The frame A is preferably a sheet metal part that is die cut and formed to have a table 10 (see FIG. 2) with a pair of depending parallel sides 11 and 12 (see FIGS. 7-8), there being inwardly turned flanges 13 disposed normal to the table at one end of the frame (see FIG. 4). Thus, the frame is generally of U-shaped cross section and characterized by aligned openings 14 and 15 at the opposite front and back sides 11 and 12, and located at the far end of the frame away from said flanges. As shown, the flanges 13 provide for cantilevered support of the subframe D and the openings 14 and 15 provide for accommodation of the drive means J and cooperative installation and removal of cartridge K. In practice, the table 10 stops short of each end of the frame, at the flanged end so as to provide space for a chart supply, and at the opposite end so as to provide stylus access to the platen portion of the face plate P. The frame is provided with corner legs 16, which taken together with the clock motor drive of means J provides a stable support engageable upon a horizontal surface.
The face plate P is preferably a sheet metal part die cut so as to present a desk top 17 (see FIGS. 1-2) with an aperture 18 through which a person can write upon the table top 10, and spaced from said table top so as to establish a chart passage 19. The face plate P is a planar element secured to the frame in spaced parallel relation thereto by longitudinally separated pairs of transversely spaced chart guides 20 through which fasteners 21 extend as shown. The inner perimeter of the aperture 18 is inward of the outer perimeter of the frame table 10, and presents a planar writing surface to back up the manifold M and writing upon the top or back side of the chart C. The outer perimeter of the face plate is rectangular and coextensively overlies the frame, and it extends beyond said opposite end of the table 10 to form the platen 22, there being a start opening 23 toward what I will term the front left portion thereof in the form of an elongated slot.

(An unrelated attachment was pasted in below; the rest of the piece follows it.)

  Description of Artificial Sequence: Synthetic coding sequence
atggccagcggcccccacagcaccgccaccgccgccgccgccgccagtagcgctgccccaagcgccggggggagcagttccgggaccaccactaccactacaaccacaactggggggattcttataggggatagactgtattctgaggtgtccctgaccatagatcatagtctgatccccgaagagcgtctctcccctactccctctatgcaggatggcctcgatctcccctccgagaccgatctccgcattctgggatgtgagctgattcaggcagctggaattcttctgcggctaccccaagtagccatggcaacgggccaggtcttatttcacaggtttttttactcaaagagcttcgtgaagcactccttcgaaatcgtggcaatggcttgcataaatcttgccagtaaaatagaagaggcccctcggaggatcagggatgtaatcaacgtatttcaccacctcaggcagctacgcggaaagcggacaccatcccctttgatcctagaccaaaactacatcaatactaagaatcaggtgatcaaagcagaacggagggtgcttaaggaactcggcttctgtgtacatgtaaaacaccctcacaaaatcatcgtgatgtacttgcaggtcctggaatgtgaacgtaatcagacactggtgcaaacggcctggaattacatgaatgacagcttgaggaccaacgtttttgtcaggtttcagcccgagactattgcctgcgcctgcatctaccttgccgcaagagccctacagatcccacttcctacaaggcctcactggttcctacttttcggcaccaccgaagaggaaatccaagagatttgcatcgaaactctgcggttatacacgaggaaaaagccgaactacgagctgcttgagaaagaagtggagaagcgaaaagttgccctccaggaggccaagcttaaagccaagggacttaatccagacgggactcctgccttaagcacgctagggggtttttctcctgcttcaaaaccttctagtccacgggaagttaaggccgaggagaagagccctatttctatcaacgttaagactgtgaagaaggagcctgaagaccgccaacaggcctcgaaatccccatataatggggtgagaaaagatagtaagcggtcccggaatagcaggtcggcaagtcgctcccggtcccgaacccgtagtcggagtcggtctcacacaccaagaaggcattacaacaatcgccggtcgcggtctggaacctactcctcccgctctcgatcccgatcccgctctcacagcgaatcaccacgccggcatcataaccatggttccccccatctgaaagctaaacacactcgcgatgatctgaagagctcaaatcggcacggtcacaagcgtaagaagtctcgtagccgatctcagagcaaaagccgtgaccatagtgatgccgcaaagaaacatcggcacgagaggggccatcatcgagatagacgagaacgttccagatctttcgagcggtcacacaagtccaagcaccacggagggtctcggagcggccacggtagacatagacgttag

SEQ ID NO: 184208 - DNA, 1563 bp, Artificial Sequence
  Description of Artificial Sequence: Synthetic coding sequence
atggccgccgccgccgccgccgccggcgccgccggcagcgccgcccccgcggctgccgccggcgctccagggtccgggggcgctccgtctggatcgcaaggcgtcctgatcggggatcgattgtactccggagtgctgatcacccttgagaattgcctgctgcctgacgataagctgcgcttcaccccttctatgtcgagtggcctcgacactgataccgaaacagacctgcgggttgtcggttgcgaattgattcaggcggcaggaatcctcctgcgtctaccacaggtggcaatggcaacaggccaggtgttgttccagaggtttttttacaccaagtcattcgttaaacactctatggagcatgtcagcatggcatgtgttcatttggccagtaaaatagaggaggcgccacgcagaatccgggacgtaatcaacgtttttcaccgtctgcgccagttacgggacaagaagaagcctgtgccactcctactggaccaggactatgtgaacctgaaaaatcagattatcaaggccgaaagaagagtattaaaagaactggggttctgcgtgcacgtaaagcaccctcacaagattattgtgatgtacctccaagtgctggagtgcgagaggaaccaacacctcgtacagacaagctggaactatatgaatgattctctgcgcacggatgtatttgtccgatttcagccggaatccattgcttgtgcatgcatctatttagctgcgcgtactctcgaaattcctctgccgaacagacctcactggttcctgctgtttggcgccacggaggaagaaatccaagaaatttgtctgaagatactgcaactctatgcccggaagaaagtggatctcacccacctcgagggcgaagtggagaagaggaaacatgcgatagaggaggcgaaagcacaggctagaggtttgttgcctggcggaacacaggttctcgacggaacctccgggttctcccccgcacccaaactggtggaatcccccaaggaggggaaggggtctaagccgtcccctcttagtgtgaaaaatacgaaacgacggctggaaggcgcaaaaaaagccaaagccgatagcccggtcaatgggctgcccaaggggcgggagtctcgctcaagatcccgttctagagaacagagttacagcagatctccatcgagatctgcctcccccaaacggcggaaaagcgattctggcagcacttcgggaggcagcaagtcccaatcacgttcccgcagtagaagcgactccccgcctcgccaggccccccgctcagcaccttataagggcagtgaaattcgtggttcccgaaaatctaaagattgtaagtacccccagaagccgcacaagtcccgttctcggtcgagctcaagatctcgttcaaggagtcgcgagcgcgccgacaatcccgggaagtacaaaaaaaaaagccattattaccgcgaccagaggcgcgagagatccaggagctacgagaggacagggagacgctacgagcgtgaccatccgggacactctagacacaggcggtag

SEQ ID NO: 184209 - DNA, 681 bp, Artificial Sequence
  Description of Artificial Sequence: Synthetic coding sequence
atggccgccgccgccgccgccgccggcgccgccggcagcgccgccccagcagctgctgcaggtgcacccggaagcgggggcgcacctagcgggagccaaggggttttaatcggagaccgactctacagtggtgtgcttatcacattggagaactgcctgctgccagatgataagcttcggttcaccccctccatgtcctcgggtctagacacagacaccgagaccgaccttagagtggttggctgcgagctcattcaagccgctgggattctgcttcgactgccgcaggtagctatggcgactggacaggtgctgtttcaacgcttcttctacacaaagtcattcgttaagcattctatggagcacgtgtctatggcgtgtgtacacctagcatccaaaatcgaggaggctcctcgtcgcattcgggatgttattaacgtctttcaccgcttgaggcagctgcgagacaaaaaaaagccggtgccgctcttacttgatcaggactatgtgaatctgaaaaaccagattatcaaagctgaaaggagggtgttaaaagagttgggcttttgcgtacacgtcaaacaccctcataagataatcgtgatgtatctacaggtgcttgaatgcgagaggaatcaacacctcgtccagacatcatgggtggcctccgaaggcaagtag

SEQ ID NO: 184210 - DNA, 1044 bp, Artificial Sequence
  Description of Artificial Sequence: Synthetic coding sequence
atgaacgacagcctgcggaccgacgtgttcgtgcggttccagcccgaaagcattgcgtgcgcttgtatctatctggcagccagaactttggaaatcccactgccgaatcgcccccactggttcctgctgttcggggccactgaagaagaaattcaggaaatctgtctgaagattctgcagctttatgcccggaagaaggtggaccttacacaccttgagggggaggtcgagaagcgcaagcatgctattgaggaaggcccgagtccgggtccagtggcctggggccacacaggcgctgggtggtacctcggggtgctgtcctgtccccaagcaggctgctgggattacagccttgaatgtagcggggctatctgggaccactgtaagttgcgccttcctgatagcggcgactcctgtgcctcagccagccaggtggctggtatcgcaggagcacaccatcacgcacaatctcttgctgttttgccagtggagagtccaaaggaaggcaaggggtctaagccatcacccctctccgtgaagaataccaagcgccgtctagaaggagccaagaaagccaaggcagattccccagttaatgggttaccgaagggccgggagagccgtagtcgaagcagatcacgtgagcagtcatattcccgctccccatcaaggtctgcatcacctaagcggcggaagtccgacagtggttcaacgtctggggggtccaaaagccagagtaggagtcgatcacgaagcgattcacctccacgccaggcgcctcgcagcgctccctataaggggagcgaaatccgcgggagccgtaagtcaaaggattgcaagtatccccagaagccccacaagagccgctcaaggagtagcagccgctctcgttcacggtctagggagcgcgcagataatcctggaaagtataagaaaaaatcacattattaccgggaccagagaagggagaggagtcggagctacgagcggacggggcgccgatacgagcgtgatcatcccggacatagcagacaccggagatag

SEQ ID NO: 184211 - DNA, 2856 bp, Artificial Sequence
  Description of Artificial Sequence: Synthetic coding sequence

The subframe D, as illustrated in FIGS. 2 and 3 and like the frame A, is preferably a sheet metal part that is die dut and formed to be cantilevered from the frame flanges 13, and adapted to carry the logic means E with its actuator and levers and also carry the thermometer I. As shown, the subframe D comprises a base 24 and a pair of upper and lower arms 25 and 26 extending therefrom to support the means E etc, and means I within the confines of the frame. The base 24 is a planar element secured by fasteners to the flanges 13 and disposed in a plane normal to the table 10, and it presents one end of the instrument and which I will term the heat sink. The arms 25 and 26 are planar elements spaced parallel to each other and to the table top 10, and they are held in said spaced relation by mounting post 27 disposed therebetween and fastened thereto respectively by screw fasteners as shown. The terminal ends of the two arms are at the proximate center of the frame and carry axially adjustable bearings 28 and 29 disposed on an axis at the center of the chart passage 19 and normal to the table top 10. In practice, the mounting post 27 is laterally offset from the bearing axis and toward the front left portion of the frame. As will be described, the mounting post 27 anchors the thermometer I and carries a switch SW of the logic means, while the arm 25 carries the levers G and H of the logic means.